English: Leeches

Chinese: 水蛭

Parts used: The dried worm body

TCM category: Herbs that invigorate the Blood

TCM nature: Neutral

TCM taste(s): BitterSalty

Organ affinity: Bladder Liver

Scientific name: Whitmania pigra, Hirudo mipponica or Whitmania acranulata

Other names: Hirudo

Use of Shui Zhi (leeches) in TCM

Please note that you should never self-prescribe TCM ingredients. A TCM ingredient is almost never eaten on its own but as part of a formula containing several ingredients that act together. Please consult a professional TCM practitioner, they will be best able to guide you.

Preparation: Collect the leeches, boil and dry.

Dosage: 1-3g of the powder

Main actions according to TCM*: Breaks up Stagnant Blood, immobile masses, tumors and Congealed Blood caused by injuries. Promotes menstruation that is caused by Blood Stagnation.

Primary conditions or symptoms for which Shui Zhi may be prescribed by TCM doctors*: Swellings Cysts Tumors Fibroids Amenorrhea

Contraindications*: Not suitable for condition that is not for Blood Stagnation. Forbidden to be used during pregnancy.

Common TCM formulas in which Shui Zhi is used*

Di Dang Tang

Source date: 220 AD

Number of ingredients: 4 herbs

Formula key actions: Breaks up and dispels Blood Stagnation .

Conditions targeted*: Acute pelvic inflammatoryLeiomyoma and others

Shui Zhi is a king ingredient in Di Dang Tang. Like the name indicates, it means it has more power than other ingredients in the formula.

In Di Dang Tang, Shui Zhi is salty, bitter, neutral, and slightly toxic. It enters the Liver Channel and expels Blood Stagnation

It has the special characteristic of entering only the Blood aspect, allowing it to expel Stagnant Blood without damaging the Qi.  

Read more about Di Dang Tang

Da Huang Zhe Chong Wan

Source date: 220 AD

Number of ingredients: 12 herbs

Formula key actions: Breaks up and dispels Blood Stagnation. Generates new Blood .

Conditions targeted*: Chronic hepatitisAlcoholic liver disease and others

Shui Zhi is a deputy ingredient in Da Huang Zhe Chong Wan. This means it helps the king ingredient(s) treat the main pattern or it serves to treat a coexisting pattern.

In Da Huang Zhe Chong Wan, Shui Zhi assists the key ingredients by invigorating the Blood,
unblocking the Channels, and breaking up Blood Stagnation, thereby reducing the fixed abdominal masses.

Read more about Da Huang Zhe Chong Wan

Key TCM concepts behind Shui Zhi's properties

In Traditional Chinese Medicine (TCM), Shui Zhi belongs to the 'Herbs that invigorate the Blood' category. Like the name indicates these herbs tend to stimulate the Blood flow. In TCM they're used to help the circulation of Blood in cardiovascular conditions or menstrual irregularities as well as to treat acute pains caused by Blood Stagnation. They can also be used to treat Blood Stagnation when it causes certain tumors, cysts and hardened clots.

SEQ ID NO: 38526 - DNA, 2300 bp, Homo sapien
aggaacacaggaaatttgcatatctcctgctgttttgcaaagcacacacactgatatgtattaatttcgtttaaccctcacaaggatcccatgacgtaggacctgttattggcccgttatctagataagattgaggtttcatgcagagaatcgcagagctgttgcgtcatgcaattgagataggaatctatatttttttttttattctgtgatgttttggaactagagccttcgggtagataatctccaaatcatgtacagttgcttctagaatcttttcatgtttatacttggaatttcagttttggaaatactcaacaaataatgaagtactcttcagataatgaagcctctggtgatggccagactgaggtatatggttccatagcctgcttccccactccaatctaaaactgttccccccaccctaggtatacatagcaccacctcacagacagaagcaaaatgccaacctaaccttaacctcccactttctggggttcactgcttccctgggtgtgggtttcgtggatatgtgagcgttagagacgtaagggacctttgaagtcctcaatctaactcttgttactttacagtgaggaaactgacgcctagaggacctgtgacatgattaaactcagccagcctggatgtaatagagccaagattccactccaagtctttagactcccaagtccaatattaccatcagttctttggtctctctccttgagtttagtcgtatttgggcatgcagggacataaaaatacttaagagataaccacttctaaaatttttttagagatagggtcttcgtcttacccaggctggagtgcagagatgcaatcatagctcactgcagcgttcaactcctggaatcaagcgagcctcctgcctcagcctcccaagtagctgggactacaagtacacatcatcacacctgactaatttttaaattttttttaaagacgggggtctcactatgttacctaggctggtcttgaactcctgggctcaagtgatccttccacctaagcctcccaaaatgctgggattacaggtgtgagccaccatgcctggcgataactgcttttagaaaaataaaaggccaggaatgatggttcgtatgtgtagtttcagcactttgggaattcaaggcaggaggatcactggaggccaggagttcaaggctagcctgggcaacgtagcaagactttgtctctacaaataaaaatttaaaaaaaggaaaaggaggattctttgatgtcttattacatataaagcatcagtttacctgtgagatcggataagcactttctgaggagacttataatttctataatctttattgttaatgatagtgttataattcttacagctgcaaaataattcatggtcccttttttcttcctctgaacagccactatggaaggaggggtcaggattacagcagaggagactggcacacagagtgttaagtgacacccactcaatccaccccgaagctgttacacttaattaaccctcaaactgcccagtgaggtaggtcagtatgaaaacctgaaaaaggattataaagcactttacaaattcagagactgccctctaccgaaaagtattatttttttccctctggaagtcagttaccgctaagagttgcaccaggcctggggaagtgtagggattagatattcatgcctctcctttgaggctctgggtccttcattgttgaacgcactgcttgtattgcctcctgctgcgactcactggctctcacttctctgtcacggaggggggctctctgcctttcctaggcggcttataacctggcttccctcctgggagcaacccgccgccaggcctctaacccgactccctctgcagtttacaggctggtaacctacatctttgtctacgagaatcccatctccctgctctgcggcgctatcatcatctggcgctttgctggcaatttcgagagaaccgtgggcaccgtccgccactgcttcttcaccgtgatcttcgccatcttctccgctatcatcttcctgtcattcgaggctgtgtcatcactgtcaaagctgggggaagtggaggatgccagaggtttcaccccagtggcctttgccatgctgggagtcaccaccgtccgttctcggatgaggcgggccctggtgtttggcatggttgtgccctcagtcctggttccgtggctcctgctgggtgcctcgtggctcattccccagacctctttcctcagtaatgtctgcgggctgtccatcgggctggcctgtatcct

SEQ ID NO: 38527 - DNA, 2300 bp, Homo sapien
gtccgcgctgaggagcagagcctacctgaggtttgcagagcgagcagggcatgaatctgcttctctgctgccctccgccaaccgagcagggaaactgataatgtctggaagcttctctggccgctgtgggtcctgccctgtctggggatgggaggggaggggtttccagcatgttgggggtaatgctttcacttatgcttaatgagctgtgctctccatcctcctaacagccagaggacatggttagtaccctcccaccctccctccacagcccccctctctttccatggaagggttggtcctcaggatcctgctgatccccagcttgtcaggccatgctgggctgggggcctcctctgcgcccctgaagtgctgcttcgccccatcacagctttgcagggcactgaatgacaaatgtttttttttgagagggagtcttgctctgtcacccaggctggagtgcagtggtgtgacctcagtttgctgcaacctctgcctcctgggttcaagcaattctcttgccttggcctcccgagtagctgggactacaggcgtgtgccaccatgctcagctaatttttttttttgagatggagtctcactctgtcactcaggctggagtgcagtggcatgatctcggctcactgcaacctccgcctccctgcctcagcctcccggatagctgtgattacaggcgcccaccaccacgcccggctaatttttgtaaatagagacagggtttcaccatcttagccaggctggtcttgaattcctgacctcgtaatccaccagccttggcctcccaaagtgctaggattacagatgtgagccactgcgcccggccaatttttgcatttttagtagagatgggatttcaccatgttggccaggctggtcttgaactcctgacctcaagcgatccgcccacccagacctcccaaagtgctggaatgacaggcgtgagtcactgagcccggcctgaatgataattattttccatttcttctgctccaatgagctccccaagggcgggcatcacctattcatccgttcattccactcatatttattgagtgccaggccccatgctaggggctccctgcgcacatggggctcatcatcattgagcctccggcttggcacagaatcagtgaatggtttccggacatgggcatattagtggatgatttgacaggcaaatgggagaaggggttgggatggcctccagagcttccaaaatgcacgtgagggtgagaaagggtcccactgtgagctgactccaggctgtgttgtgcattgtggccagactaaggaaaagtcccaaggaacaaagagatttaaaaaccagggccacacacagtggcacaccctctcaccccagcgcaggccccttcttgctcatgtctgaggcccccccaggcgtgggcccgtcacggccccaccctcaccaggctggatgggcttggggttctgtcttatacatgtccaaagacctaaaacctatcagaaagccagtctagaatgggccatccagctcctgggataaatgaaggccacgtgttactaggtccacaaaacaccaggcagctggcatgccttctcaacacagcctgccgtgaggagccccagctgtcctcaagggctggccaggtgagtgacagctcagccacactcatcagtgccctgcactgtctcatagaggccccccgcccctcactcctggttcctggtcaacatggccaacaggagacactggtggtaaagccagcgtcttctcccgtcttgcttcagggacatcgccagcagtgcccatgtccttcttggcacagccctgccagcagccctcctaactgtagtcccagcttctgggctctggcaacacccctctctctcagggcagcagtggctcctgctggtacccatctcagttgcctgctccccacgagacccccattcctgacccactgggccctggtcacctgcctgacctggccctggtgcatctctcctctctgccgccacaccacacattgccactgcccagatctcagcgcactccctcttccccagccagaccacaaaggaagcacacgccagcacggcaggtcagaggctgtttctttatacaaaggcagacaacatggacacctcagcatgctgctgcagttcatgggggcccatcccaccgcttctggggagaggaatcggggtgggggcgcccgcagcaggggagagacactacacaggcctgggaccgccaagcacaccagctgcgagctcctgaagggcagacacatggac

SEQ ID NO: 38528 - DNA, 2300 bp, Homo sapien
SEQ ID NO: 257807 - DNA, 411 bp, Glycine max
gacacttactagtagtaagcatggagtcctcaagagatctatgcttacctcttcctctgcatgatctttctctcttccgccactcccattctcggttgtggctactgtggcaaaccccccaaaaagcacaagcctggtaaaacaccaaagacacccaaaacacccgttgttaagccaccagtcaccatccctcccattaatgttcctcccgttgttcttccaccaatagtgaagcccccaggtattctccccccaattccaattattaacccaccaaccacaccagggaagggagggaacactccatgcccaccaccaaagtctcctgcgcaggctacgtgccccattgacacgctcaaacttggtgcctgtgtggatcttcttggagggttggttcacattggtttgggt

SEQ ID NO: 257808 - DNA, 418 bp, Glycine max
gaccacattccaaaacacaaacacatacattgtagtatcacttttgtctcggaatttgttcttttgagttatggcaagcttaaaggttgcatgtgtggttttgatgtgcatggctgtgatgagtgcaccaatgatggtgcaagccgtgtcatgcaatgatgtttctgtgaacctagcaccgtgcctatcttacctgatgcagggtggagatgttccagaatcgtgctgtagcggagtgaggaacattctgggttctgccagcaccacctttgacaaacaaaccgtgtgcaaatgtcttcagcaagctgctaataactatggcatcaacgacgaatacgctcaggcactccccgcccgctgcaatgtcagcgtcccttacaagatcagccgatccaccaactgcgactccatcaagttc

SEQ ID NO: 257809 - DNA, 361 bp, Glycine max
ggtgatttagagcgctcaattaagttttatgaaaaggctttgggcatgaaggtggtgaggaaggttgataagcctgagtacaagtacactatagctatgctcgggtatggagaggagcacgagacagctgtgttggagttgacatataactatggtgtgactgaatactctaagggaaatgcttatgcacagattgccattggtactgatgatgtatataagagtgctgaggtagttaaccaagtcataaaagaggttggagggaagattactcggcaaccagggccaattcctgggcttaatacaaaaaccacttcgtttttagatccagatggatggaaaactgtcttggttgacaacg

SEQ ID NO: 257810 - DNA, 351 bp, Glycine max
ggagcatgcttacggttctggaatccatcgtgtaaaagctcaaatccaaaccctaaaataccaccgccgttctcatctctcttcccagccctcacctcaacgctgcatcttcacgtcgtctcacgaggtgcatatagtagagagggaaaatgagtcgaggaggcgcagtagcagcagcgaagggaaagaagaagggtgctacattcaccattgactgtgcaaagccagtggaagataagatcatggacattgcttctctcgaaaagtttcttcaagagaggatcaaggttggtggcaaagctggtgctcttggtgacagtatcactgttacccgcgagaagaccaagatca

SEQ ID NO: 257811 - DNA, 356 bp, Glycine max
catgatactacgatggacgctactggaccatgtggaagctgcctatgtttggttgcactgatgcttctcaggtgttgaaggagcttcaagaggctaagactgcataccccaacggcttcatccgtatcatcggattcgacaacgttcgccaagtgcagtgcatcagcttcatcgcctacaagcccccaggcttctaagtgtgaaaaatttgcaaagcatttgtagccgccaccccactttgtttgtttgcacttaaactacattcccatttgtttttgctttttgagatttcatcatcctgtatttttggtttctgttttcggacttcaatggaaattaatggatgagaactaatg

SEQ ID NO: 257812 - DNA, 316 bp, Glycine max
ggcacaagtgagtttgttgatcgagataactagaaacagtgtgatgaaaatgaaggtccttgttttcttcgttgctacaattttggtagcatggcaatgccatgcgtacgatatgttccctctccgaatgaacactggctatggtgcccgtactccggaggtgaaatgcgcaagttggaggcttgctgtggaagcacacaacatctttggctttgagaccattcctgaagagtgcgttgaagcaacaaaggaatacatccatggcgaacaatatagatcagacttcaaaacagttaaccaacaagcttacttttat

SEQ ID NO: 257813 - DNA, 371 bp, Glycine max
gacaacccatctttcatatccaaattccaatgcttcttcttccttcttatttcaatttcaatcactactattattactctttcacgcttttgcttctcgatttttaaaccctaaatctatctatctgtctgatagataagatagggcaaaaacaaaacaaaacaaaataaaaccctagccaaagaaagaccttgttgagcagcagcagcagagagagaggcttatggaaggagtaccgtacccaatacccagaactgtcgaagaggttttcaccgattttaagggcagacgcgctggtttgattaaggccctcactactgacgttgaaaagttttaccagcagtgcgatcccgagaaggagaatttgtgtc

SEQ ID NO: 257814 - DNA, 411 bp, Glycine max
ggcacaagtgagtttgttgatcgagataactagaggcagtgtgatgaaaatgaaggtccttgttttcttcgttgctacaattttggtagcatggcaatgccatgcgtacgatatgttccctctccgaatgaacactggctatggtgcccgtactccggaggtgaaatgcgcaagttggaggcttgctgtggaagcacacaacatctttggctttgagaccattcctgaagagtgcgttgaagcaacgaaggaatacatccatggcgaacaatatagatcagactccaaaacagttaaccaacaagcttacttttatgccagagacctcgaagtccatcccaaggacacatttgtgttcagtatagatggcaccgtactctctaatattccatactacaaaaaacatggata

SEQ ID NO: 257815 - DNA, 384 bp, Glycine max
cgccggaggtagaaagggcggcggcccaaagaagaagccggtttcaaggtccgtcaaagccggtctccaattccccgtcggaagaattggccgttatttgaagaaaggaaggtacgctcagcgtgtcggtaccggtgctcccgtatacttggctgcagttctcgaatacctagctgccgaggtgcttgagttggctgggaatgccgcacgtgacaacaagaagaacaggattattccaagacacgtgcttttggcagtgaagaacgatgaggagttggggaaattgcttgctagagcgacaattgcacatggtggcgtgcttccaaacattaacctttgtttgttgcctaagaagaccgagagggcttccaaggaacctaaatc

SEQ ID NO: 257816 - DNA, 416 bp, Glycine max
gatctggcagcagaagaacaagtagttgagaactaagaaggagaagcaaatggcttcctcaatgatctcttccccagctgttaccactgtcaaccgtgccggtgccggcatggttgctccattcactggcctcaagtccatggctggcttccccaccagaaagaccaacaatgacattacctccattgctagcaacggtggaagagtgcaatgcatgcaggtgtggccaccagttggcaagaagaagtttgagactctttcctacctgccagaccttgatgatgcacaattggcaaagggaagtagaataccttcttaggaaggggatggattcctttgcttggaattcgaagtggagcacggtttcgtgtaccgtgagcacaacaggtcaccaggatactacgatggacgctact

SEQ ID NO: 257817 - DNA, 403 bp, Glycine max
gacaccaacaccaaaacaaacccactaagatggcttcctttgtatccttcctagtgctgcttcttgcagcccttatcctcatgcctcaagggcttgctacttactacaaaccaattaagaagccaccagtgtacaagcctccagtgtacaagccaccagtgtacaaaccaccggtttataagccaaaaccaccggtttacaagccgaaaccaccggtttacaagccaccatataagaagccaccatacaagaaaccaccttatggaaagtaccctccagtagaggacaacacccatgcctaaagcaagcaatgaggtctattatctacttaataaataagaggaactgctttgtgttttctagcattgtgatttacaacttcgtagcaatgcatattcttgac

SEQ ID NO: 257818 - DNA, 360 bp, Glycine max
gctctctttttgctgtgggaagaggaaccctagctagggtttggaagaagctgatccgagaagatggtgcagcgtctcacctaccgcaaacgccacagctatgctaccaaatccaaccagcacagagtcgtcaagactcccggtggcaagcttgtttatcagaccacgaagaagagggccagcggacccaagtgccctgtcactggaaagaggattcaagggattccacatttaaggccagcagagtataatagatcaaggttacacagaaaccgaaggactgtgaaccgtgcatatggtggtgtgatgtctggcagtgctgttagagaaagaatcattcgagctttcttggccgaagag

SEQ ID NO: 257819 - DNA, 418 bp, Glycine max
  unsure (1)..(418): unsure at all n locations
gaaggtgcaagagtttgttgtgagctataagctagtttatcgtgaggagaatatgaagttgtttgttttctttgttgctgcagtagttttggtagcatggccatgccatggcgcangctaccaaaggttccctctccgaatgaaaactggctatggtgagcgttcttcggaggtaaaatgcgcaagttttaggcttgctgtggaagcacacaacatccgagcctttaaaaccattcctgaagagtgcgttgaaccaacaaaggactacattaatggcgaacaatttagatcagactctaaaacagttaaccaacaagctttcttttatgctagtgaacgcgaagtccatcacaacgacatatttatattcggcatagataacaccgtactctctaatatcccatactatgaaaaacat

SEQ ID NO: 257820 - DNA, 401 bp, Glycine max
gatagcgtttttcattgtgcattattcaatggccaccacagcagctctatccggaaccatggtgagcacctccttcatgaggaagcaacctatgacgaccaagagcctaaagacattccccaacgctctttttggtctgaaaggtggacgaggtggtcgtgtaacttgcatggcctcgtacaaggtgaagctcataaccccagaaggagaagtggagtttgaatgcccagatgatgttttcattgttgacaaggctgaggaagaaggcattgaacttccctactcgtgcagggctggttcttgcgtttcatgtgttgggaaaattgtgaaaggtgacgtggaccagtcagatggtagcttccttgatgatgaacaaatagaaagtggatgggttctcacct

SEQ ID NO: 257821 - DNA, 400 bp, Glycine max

Furthermore Shui Zhi is Neutral in nature. This means that Shui Zhi typically doesn't affect the balance in your body. Balance between Yin and Yang is a key health concept in TCM. Eating too many "Hot" (Yang) ingredients can lead to an imbalance whereby one has a Yang Excess. The inverse is true as well: too many "Cold" (Yin) ingredients can lead to a Yin Excess. The Neutral nature of Shui Zhi means that you don't have to worry about that!

Shui Zhi also tastes Bitter and Salty. The so-called 'Five Phases' theory in Chinese Medicine states that the taste of TCM ingredients is a key determinant of their action in the body. Bitter ingredients like Shui Zhi tends to have a cleansing action on the body by clearing Heat, drying Dampness and promoting elimination via urination or bowel movements. On the other hand Salty ingredients tend to have a draining effect in the body because they clear accumulations, remove Phlegm and soften hard lumps.

The tastes of ingredients in TCM also determine what Organs and Meridians they target. As such Shui Zhi is thought to target the Bladder and the Liver. In TCM the impure water collected by the Kidneys that cannot be used by the body is sent to the Bladder for storage and excretion as urine. The Liver on the other hand is often referred as the body's "general" because it is in charge of regulating the movements of Qi and the Body Fluids. It also takes a leading role in balancing our emotions.